Naturally Fujiyama, possibly the least intimidating villain in the history of film, isn't too pleased that the local cops are messing around in his business. So in the least intimidating manner possible he orders Joe and Frank to be taken down. First Yamashita uses the old action movie standby of sending hundreds of his nameless minions to be beaten and/or shot to death by our heroes in mere seconds. Joe and Frank's senseless killing spree (seriously, those guys are responsible for 95% of the movie's body count) earns them a stern lecture from their perpetually pissed captain (Dale Cummings), who eventually breaks down and tells them to destroy the Katana Gang even....excuse me, ESPECIALLY if that means killing them all. Between the opening car chase and the final battle with Fujiyama's fun bunch everyone gets a love scene and every single female character is required to get nude. But if you ladies are interested in this flick for the amount of bare male flesh on display Samurai Cop has some half-nekkid Robert Z'Dar and Gerald Okamura to satisfy your urges.
If you lived in Bizarro World then you would likely consider Samurai Cop to be the pinnacle of competent and thrilling action entertainment. Unfortunately we don't live in an alternate universe so anyone who watches this flick would have to employ a heroic amount of disbelief suspension just to make it through the first reel. Even if you hate Samurai Cop's guts after one viewing you would come away from the experience with a healthier appreciation for the elements of storytelling and filmmaking we action fans tend to take for granted, in particular continuity and competence. Director Shervan has a very clear idea of what elements are needed to make a decent cop movie. It's just that he either uses then too much, precious little, or uses none of them whatsoever.
His attractive female cast spends a good portion of their combined screen time in bikinis or nothing at all, but Shervan apparently thinks we also want to gawk at his lumpy male supporting cast engaged in the act of rutting with women they probably couldn't get far with outside of a film production. There are several sex scenes in Samurai Cop and though they rarely scale the creepy, awkward heights of bobbling Tommy Wiseau man ass Shervan keeps them running for far longer than needed. The upside of these uncomfortable couplings is getting nice, long looks at the glorious naked goods beautiful co-stars Melissa Moore (Sorority House Massacre II) and Cameron (Out of Justice) conceal beneath their costumes. That might sound a bit sexist, but savoring the ample female nudity in these sex scenes is like holding on to a piece of driftwood for dear life during a storm at sea. You take what you can get and hope to Hell things get better.
The opening car chase demonstrates a greater disregard for human life on the director's part than the classic chase scene from The French Connection, complete with a stunt performer executing a fire stunt who has to be extinguished on camera by the actual stars. Shervan keeps the multiple fight sequences absolutely insane in their staging and photography and even throws in the occasional gore effect to keep the viewer's interest. There just isn't any real careful consideration put into these scenes. The sword fights lack in choreography so the actors are forced to swing and clash like a bunch of elementary school kids playing in their backyard. Our hero is supposed to be knowledgeable in the ways of the samurai but his Japanese is limited to explaining the meaning of the word "katana" and Shervan's script actually has Marshall showing an insulting ignorance of Japanese culture and the proper pronunciation of their names, which only adds to the unintentional hilarity. The movie's actual attempts at humor feel forced and fall flat, and in the case of the racial jokes cracked at Frazer's expense, just plain wrong.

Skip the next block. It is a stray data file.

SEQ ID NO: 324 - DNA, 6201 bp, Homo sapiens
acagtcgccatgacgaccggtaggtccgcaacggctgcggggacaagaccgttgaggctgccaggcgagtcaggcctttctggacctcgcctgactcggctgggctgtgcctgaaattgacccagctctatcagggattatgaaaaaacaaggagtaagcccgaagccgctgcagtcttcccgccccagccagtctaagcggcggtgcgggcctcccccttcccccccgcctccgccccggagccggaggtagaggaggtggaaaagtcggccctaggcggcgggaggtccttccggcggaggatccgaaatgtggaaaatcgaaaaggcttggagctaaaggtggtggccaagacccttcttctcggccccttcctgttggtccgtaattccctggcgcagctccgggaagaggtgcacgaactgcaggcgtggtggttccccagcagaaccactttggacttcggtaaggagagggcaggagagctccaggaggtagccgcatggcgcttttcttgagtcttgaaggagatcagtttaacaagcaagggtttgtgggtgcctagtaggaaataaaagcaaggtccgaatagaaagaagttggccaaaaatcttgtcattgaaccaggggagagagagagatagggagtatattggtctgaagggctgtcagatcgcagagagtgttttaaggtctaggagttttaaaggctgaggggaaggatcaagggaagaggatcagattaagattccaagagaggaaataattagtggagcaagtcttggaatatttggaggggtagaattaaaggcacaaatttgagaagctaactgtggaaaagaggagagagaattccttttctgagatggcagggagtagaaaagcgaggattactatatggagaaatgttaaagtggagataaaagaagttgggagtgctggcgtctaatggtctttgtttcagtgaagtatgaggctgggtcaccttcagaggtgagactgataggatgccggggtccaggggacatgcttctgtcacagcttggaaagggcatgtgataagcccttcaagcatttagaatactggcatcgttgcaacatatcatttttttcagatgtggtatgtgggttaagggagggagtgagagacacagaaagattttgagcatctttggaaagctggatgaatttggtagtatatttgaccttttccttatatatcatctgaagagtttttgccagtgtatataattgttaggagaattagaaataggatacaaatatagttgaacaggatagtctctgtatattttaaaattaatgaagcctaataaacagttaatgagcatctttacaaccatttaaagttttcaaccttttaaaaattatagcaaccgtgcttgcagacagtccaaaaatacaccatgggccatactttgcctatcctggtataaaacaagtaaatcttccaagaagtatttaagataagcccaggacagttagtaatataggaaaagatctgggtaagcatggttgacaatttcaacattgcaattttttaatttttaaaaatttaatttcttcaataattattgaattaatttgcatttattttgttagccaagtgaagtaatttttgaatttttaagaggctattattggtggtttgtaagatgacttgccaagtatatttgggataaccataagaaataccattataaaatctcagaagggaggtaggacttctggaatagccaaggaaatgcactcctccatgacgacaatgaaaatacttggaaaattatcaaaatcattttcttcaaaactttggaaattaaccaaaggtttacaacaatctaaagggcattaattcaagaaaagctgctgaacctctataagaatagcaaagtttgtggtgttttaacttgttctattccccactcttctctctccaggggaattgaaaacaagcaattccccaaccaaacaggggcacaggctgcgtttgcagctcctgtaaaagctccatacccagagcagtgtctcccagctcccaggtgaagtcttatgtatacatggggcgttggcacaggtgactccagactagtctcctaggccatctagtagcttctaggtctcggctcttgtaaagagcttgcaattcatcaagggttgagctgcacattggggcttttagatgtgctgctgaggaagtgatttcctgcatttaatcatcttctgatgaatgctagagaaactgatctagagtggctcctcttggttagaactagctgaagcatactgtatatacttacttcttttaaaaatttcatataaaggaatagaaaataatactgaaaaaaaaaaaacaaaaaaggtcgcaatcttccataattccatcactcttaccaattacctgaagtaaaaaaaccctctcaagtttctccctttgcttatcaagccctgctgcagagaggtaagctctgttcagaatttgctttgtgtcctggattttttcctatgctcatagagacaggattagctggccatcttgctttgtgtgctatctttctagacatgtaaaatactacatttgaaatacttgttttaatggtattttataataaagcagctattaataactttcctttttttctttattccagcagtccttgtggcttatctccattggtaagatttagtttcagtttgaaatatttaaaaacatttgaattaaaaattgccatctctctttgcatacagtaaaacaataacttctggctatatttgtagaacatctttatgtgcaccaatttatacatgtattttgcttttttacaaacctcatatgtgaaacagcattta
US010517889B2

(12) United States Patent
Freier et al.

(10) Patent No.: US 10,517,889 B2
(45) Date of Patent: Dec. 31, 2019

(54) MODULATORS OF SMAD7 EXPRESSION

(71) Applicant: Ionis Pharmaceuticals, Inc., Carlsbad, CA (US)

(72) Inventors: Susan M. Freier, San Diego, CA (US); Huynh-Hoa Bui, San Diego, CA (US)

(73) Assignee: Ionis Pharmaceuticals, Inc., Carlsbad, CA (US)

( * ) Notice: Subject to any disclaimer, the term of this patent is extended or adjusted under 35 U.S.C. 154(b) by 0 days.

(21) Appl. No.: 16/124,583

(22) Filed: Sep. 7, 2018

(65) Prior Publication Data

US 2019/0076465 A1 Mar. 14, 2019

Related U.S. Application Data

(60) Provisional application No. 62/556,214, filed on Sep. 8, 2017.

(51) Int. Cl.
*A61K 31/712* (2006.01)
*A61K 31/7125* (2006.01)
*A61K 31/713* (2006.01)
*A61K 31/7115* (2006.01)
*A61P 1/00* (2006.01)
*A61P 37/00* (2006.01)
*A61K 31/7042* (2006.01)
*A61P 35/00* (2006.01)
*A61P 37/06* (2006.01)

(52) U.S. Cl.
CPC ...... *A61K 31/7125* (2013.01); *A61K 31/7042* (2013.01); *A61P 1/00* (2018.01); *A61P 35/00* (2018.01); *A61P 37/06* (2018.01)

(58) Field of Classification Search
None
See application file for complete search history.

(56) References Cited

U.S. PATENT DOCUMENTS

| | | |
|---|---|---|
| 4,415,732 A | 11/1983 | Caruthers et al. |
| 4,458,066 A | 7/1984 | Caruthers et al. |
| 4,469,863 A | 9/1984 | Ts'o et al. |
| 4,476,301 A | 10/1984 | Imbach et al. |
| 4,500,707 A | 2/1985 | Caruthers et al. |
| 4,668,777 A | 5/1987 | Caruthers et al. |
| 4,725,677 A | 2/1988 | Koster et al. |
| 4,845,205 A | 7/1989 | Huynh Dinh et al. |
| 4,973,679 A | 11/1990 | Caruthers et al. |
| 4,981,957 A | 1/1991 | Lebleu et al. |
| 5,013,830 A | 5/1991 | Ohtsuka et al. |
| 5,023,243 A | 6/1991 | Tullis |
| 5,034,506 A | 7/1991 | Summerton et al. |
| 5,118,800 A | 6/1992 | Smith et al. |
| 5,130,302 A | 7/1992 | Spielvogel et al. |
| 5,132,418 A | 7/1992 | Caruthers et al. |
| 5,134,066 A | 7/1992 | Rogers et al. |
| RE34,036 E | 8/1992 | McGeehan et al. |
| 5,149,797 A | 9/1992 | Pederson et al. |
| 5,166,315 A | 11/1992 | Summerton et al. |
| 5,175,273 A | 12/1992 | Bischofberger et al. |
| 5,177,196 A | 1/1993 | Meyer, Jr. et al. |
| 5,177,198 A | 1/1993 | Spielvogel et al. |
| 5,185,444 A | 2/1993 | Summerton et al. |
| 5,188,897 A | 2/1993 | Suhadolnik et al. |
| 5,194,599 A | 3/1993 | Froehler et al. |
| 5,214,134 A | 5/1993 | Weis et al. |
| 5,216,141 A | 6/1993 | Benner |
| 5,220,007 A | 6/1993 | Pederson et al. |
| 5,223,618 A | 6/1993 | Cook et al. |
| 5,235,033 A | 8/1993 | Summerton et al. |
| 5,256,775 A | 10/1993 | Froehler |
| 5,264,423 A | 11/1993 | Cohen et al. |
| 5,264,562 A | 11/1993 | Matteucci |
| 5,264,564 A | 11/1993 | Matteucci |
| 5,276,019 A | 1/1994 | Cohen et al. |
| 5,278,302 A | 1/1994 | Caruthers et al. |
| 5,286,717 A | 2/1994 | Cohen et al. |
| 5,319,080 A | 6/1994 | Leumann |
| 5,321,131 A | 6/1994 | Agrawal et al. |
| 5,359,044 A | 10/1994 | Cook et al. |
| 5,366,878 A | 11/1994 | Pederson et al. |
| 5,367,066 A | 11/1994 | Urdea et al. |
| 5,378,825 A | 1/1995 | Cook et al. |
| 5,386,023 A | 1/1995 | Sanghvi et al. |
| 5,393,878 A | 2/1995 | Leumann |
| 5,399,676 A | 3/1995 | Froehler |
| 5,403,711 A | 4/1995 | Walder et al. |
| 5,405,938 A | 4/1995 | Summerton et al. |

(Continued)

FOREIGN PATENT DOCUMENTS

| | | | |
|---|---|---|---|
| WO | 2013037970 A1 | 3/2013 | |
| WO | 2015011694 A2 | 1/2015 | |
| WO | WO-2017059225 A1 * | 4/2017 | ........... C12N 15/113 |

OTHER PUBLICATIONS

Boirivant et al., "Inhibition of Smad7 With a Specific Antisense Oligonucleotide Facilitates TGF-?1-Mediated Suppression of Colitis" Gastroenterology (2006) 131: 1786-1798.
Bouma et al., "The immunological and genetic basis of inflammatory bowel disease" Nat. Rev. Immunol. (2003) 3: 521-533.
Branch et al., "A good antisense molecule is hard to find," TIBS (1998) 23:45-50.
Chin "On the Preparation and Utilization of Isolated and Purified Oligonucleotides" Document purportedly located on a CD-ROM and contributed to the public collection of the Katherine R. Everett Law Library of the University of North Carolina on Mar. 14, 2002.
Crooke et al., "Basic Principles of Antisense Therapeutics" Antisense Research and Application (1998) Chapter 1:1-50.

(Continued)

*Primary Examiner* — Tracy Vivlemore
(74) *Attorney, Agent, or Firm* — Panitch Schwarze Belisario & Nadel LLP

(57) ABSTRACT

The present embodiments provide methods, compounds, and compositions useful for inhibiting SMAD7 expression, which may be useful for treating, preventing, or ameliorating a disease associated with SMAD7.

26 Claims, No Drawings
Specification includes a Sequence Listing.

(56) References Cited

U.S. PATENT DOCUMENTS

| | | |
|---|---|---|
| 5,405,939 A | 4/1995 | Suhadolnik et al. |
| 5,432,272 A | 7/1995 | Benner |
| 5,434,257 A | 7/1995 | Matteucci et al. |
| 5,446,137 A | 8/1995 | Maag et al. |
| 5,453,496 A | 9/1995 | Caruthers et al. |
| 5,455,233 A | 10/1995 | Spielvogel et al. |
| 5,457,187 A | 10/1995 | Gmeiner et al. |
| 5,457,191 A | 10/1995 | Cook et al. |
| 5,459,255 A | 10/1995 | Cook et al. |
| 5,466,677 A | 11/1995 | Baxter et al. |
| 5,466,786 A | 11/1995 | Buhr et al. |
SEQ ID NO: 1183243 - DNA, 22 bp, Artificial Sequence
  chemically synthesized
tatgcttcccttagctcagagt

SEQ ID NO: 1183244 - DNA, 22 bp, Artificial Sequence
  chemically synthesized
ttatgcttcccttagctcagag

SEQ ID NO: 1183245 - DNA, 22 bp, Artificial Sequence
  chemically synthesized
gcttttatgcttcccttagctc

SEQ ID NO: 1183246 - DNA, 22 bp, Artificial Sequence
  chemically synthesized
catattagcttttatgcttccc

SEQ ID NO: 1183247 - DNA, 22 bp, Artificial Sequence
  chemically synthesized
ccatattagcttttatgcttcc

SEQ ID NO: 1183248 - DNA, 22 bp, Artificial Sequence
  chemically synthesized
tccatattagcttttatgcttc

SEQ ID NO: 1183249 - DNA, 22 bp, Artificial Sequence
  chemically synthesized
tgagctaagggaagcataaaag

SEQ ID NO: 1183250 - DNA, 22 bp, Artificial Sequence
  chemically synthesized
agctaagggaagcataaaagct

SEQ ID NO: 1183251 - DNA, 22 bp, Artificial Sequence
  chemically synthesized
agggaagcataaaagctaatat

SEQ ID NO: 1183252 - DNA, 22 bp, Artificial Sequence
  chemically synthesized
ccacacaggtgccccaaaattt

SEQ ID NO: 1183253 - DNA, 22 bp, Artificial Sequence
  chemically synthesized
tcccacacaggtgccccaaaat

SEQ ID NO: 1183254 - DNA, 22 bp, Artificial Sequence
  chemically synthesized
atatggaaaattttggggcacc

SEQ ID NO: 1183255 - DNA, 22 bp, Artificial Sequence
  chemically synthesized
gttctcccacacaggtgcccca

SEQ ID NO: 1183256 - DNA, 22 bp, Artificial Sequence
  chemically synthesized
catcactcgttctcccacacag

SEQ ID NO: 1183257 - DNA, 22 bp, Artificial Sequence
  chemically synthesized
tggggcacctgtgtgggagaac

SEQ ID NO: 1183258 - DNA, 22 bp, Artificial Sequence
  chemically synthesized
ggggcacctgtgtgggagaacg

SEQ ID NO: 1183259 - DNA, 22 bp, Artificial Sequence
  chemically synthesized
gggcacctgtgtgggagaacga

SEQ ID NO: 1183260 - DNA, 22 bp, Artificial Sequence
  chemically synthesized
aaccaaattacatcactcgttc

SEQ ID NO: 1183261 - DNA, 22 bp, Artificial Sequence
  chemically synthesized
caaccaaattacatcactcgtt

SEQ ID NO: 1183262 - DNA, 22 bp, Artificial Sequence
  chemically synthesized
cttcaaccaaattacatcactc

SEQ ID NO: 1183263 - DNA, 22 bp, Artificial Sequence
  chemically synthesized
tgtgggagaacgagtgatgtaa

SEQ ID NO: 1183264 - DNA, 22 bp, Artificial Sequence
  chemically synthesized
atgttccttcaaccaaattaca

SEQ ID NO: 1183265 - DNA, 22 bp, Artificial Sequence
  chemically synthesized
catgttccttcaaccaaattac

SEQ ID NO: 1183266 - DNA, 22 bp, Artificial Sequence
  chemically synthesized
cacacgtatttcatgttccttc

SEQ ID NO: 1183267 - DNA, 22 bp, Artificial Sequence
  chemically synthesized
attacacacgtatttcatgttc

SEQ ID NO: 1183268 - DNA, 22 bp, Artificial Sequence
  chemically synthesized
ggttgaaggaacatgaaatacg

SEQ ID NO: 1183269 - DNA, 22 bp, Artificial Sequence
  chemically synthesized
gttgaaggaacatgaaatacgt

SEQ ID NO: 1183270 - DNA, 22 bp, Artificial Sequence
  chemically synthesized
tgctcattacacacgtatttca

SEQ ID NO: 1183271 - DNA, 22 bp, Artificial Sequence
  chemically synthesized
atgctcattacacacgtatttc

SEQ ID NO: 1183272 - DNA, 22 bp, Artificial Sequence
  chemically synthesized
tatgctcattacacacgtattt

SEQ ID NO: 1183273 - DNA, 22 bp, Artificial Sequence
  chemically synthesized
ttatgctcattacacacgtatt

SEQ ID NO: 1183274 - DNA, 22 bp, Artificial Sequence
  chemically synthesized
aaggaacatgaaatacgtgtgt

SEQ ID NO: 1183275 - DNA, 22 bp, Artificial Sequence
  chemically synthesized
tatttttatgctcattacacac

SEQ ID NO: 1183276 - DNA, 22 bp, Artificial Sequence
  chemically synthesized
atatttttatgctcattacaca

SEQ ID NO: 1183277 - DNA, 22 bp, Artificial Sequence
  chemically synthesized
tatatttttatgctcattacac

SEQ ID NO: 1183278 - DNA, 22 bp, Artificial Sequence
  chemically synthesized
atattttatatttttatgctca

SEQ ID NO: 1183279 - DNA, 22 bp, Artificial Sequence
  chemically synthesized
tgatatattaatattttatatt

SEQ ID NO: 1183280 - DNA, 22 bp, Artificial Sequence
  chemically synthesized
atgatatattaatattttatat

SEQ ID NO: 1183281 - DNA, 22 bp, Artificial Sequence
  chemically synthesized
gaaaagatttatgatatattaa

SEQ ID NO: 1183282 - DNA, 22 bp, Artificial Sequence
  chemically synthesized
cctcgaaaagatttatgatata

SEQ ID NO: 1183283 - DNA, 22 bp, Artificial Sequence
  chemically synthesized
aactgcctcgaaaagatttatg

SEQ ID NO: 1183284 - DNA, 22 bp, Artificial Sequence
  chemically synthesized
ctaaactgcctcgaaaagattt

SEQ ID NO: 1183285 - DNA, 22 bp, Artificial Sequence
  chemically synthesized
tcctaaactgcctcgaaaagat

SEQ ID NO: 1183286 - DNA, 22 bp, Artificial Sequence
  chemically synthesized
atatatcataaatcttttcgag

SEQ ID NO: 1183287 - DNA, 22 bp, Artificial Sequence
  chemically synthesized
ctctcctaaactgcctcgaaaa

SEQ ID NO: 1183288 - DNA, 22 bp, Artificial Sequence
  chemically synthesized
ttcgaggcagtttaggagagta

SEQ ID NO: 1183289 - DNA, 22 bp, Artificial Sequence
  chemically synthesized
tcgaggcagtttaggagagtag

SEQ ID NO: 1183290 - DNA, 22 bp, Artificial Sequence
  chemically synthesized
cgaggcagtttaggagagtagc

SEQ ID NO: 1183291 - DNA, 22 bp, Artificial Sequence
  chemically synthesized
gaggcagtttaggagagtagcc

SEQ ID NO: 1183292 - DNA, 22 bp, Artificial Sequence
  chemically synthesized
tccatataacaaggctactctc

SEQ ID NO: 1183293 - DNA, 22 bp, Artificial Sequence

Matt Hannon was hired for his looks, let's be perfectly honest, but his earnestness and enthusiasm makes up for what he lacks in acting talent. It's one of the great bad movie performances. Frazer is rarely without a knowing grin as if he knew deep down what kind of movie he was making and decided to make the best of a futile situation. Komuro recites his turgid dialogue as if he was reading from cue cards and lets his hair do most of the acting. B-movie vet Moore is a hoot as the perpetually horny helicopter pilot and she can command one's attention naked or clothed through her combination of beauty and self-aware goofiness. Z'Dar acts with his bulging eyes and skull as always and proves to be an excellent henchman, while Okamura gets through his scenes without showing the slightest embarrassment even though he's been in much better films before Samurai Cop came into his life. My pick for the movie's best performance is Cummings as the angriest police captain in the history of cinema. He makes Frank McRae in 48 Hrs. look positively comatose and he chews up his every scene with the fervor of a cannibal who really likes to enjoy their meals.